I open it quickly as instructed and there it is..the cause of this chaos that released Barclay’s dogs of war to send texts galore. It’s a simple transaction, I gave Tom, my son, my card number to pay Internet charges that had been sent to him in error.

My conclusion is simple: why, why send all these texts when a simple letter, as I’ve just received, explaining what the problem is, it would have sorted the matter out in seconds.

No, texting is the main way of connecting, hundreds of staff at Barclays are poised to text in the name of Security and probably just a couple of people with pens who can write letters.

Yes, the world has gone crazy. For instance, I read about this in a newspaper (a reliable  one by all accounts), a man pressed a button and ordered a penis enlarger. When the package arrived he opened it eagerly. It was a magnifying glass. 

I quote: ‘Security functions as a kind of soothing, brain-deadening Unspeak to bamboozle us into supposing that whatever is done under the rubric must be for the best.’

FOR THE BEST!? Rubbish.

I rest my case.


Thursday, 19 June 2014


I’m standing in an enormous queue in the Post Office. There seem to be dozens and dozens of people in front of me. We’re all hemmed by barriers to keep us in order, not unlike the penned sheep in One Man and His Dog.  

There is very old man coughing incessantly behind me. ‘Are you alright?.‘ I say to him.

‘I’m only waiting for my pension. Look at all these people queuing, with closing post offices all over the place, it’s a Government plot hoping us old folk’ll die before we pick up our money.’

I often go shopping early and dotted around at that time in the morning are old granddads or grandmothers wheeling prams with screaming babies on board. They’ve probably got a single parent daughter working. ‘Can you look after Pricilla for me?‘ So, dad or mum walks the little granddaughter round and round, changes nappies, trying to pacify her when she cries and feed her five days a week. They won’t last long at their age with that routine.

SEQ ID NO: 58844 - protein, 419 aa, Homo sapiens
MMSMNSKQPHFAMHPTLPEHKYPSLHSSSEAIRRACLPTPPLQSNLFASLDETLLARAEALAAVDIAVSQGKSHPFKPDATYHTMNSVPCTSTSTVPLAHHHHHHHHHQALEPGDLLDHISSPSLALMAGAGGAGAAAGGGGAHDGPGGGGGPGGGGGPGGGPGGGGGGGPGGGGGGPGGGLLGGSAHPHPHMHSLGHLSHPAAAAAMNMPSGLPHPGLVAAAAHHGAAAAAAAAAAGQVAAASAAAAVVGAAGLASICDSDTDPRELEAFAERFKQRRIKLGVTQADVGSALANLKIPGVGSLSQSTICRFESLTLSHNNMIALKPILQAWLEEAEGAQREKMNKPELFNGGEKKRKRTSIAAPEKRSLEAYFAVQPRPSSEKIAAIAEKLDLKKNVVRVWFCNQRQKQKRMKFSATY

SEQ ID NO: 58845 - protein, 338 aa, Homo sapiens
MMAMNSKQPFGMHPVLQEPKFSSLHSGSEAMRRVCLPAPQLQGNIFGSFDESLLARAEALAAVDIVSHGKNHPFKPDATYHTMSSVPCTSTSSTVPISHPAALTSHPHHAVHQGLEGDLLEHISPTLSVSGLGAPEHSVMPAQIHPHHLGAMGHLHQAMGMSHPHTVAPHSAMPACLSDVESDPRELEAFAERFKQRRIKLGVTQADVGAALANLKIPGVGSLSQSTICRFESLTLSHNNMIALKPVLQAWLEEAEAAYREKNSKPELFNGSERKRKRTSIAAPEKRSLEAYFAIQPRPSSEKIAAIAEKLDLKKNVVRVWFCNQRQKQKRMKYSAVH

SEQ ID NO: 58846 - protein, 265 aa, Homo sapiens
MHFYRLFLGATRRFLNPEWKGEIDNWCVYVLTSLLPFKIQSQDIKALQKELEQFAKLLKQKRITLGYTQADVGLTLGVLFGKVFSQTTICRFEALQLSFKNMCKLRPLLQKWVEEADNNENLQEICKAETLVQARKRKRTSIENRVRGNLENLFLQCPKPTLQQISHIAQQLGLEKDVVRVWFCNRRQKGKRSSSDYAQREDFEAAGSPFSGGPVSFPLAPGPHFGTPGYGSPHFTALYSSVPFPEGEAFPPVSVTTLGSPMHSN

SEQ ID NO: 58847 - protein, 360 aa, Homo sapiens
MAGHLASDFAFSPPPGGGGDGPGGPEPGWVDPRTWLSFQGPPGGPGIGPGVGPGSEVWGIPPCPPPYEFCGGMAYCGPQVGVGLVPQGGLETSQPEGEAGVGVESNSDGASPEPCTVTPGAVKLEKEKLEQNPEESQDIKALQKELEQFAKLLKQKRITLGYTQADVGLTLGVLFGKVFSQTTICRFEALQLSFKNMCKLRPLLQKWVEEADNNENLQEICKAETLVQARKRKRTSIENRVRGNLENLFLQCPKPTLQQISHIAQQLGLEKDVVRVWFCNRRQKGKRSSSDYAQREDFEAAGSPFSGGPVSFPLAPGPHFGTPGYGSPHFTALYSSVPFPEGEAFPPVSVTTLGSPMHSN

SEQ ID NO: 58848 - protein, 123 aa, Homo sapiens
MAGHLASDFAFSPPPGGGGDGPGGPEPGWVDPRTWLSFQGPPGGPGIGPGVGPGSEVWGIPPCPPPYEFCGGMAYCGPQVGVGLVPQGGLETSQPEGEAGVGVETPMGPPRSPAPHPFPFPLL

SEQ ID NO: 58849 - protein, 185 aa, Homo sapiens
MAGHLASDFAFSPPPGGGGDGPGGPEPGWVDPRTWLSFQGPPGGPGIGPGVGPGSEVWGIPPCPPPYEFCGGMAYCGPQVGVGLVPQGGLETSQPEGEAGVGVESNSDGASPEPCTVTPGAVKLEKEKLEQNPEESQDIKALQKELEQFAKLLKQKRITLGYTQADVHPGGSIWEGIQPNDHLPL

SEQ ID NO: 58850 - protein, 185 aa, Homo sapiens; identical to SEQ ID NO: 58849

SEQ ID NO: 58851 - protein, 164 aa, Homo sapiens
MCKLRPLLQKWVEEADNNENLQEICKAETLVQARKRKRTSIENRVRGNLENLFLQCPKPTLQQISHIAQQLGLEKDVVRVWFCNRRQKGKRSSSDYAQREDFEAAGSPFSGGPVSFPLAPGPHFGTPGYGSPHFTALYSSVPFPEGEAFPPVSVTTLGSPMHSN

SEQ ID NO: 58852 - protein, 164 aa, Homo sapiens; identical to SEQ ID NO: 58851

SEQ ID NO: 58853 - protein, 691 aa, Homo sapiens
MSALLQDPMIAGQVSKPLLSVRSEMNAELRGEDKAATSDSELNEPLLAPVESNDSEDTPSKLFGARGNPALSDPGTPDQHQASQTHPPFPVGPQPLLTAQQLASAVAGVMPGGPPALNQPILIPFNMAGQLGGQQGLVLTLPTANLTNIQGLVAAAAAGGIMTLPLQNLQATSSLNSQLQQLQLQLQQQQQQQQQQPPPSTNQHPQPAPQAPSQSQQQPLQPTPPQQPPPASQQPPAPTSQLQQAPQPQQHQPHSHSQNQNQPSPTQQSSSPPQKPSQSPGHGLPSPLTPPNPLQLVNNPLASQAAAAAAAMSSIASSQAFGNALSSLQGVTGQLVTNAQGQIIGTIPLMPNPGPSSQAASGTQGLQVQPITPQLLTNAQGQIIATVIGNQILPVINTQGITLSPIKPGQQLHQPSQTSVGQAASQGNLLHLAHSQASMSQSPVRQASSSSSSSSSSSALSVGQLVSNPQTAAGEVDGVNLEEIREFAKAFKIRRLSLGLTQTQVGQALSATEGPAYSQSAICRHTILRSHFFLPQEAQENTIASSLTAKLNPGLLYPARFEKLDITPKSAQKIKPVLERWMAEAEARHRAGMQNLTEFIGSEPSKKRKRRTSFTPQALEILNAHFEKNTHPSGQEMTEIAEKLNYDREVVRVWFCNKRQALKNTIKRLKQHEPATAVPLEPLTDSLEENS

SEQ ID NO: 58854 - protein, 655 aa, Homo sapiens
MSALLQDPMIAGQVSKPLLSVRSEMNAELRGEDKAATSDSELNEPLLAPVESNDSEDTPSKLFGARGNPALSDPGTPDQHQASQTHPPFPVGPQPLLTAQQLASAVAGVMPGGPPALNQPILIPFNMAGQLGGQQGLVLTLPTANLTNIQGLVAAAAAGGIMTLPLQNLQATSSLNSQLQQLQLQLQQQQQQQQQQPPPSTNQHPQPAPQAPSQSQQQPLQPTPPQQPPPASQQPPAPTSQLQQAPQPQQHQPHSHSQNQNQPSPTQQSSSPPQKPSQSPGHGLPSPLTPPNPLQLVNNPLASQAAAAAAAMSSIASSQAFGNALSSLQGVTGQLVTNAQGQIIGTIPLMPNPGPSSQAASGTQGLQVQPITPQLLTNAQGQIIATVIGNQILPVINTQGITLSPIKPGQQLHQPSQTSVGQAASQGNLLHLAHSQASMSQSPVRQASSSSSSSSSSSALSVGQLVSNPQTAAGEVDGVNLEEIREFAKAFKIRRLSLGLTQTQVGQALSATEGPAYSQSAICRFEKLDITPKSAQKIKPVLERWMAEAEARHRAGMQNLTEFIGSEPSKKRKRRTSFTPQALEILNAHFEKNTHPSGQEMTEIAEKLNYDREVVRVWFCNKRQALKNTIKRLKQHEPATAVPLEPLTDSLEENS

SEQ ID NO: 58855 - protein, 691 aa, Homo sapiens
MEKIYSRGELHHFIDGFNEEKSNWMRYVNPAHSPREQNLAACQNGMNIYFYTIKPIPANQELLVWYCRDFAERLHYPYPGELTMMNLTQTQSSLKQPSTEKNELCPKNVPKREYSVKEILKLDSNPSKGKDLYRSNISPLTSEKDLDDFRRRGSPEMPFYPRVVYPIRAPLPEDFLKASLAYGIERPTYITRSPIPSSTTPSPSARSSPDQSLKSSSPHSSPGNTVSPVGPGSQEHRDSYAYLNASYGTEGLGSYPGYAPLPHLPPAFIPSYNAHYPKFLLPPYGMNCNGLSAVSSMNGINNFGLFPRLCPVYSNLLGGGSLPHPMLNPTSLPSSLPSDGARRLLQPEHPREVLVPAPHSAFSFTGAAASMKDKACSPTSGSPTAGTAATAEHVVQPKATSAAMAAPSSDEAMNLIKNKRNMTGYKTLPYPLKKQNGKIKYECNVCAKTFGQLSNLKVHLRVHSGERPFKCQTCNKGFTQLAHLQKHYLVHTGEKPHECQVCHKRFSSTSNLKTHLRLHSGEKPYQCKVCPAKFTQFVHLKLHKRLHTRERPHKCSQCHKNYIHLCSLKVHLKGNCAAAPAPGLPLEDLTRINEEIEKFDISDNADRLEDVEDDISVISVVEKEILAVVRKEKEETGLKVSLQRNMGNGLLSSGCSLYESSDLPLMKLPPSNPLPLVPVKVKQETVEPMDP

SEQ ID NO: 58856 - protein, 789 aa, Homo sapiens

In London last week and I noticed another ‘old folk‘ hazard. We all know Pedestrian Crossings: the Red man is showing, wait, then the Green man pops up and off you go. But now things are different, there is a small screen below the Green man. The minute he shows up, the screen displays the number 10 then 9 followed by 8, counting down the seconds for you to cross the road. Shit, imagine an old soul using a Zimmer frame trying to cross Regents Street in 10 seconds! ‘The Quick and the Dead’?

Two possible explanations for the 10 second time scale: (1) Maybe it’s assumed the ‘Old Folk‘ don’t come into central London or (2) The the ‘coughing man‘ in the post office was right. There is a government plot. 

With the terrible weather we’ve been having the media is full of Global Warming. One thing that car manufacturers are contributing to the problem is trying to achieve is a cheaper version of the Electric Car.

Rack forward twenty years. There are Electric Cars everywhere. Global Warming Emissions are now at an acceptable level. All Seasons are in the right place. Enough rain for the farmers. Enough sun for seaside holidays. The Economy is stable. Everyone is happy. In one fell swoop the government has solved all of our problems. Everything is stable. Everyone is happy. And electric cars are cheaper and most people have one.